Stem. - Five to seven inches high. - Leaves. - Ovate, pointed, the upper crowded into an apparent whorl of four to six. Flowers. - Greenish, small, in a cluster which is surrounded by a large and showy four-leaved, petal-like, white or pinkish involucre. Calyx. - Minutely four-toothed. Corolla. - Of four spreading petals. Stamens. - Four. Pistil. - One. Fruit. - Bright red, berry-like.
When one's eye first falls upon the pretty flowers of the bunch-berry in the June woods, the impression is received that each low stem bears upon its summit a single large white blossom. A more searching look discovers that what appeared like rounded petals are really the showy white leaves of the involucre which surround the small, closely clustered, greenish flowers.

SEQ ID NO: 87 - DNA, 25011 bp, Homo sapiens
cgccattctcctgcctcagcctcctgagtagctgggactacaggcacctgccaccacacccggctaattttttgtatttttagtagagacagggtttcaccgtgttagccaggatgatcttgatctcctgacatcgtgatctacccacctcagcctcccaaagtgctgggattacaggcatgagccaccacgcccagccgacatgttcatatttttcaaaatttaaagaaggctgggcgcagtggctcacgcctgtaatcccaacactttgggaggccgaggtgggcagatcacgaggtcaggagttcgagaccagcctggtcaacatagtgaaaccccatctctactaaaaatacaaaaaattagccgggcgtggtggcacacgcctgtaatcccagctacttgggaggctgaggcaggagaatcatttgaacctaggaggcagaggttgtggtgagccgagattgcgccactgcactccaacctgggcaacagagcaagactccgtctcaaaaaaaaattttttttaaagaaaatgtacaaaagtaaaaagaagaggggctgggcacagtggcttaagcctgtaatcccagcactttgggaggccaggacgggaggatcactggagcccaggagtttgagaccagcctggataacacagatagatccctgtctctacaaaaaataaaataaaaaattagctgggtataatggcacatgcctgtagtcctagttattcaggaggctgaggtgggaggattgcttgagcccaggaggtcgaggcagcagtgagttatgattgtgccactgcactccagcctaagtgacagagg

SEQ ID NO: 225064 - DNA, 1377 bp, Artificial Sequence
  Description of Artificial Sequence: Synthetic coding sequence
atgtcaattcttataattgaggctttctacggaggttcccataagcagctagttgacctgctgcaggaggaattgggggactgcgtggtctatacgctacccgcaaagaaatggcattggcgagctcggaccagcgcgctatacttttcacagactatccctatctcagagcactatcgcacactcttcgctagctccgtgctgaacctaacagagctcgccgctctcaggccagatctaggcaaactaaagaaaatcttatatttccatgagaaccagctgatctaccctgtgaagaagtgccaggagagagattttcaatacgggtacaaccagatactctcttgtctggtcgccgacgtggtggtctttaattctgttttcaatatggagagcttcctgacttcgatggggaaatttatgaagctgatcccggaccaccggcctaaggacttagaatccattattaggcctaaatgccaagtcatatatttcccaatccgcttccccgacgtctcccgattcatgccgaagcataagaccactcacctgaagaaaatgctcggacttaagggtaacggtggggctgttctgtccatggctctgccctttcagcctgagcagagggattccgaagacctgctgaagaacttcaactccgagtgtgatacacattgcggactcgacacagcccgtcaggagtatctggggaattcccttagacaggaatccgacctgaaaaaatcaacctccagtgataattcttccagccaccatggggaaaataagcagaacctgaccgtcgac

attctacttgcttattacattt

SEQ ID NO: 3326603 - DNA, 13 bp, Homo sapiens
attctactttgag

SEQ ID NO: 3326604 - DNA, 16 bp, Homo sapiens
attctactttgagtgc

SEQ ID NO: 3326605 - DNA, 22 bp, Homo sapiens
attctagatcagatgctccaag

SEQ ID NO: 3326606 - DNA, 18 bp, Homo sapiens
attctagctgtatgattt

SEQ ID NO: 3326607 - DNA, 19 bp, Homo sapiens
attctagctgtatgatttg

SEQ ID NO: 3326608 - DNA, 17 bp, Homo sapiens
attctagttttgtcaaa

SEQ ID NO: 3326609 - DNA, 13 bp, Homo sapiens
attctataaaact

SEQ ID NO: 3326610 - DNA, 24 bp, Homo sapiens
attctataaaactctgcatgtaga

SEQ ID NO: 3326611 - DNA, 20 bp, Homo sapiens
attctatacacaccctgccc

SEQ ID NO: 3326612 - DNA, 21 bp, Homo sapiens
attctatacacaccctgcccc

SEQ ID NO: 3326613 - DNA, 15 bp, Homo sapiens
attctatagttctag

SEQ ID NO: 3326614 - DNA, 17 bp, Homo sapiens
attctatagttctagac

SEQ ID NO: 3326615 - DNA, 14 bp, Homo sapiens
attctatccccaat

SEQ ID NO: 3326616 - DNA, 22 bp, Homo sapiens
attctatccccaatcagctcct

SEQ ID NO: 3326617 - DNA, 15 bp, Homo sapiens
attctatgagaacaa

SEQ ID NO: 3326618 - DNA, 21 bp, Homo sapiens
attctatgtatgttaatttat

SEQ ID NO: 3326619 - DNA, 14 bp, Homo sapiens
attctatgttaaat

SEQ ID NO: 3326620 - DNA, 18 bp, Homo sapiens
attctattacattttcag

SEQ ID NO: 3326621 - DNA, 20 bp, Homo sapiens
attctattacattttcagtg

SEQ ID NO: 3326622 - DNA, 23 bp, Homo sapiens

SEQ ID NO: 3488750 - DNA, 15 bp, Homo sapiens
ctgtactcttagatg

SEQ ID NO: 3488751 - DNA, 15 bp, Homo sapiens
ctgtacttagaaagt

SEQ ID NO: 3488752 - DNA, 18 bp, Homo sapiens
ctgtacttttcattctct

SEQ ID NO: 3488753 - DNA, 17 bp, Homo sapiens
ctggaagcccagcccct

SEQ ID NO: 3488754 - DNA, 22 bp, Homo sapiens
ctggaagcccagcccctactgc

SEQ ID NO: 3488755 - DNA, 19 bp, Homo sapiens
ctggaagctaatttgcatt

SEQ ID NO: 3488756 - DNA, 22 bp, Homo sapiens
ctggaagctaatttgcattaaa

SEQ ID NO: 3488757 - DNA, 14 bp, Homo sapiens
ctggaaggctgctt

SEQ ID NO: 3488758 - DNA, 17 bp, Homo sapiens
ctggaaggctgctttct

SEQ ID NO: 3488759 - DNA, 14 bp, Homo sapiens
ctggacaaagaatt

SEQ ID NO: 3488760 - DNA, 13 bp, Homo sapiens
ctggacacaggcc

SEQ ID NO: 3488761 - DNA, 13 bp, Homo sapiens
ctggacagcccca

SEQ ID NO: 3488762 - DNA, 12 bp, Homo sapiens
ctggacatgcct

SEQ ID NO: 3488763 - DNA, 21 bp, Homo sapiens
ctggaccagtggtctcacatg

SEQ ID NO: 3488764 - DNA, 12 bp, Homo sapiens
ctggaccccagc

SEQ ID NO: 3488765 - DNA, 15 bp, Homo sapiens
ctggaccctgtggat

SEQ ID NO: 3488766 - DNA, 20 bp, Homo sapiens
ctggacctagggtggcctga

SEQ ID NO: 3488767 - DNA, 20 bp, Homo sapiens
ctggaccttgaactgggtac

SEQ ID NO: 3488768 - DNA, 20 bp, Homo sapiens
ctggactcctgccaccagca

The bright red berries which appear in late summer make brilliant patches in the woods and swamps. Both in flower and fruit this is one of the prettiest of our smaller plants. It is closely allied to the well-known flowering-dogwood, which is so ornamental a tree in early spring.
In the Scotch Highlands it is called the "plant of gluttony," on account of its supposed power of increasing the appetite. It is said to form part of the winter food of the Esquimaux.
Plate XIV. Fruit. Bunch-Berry. - C. Canadensis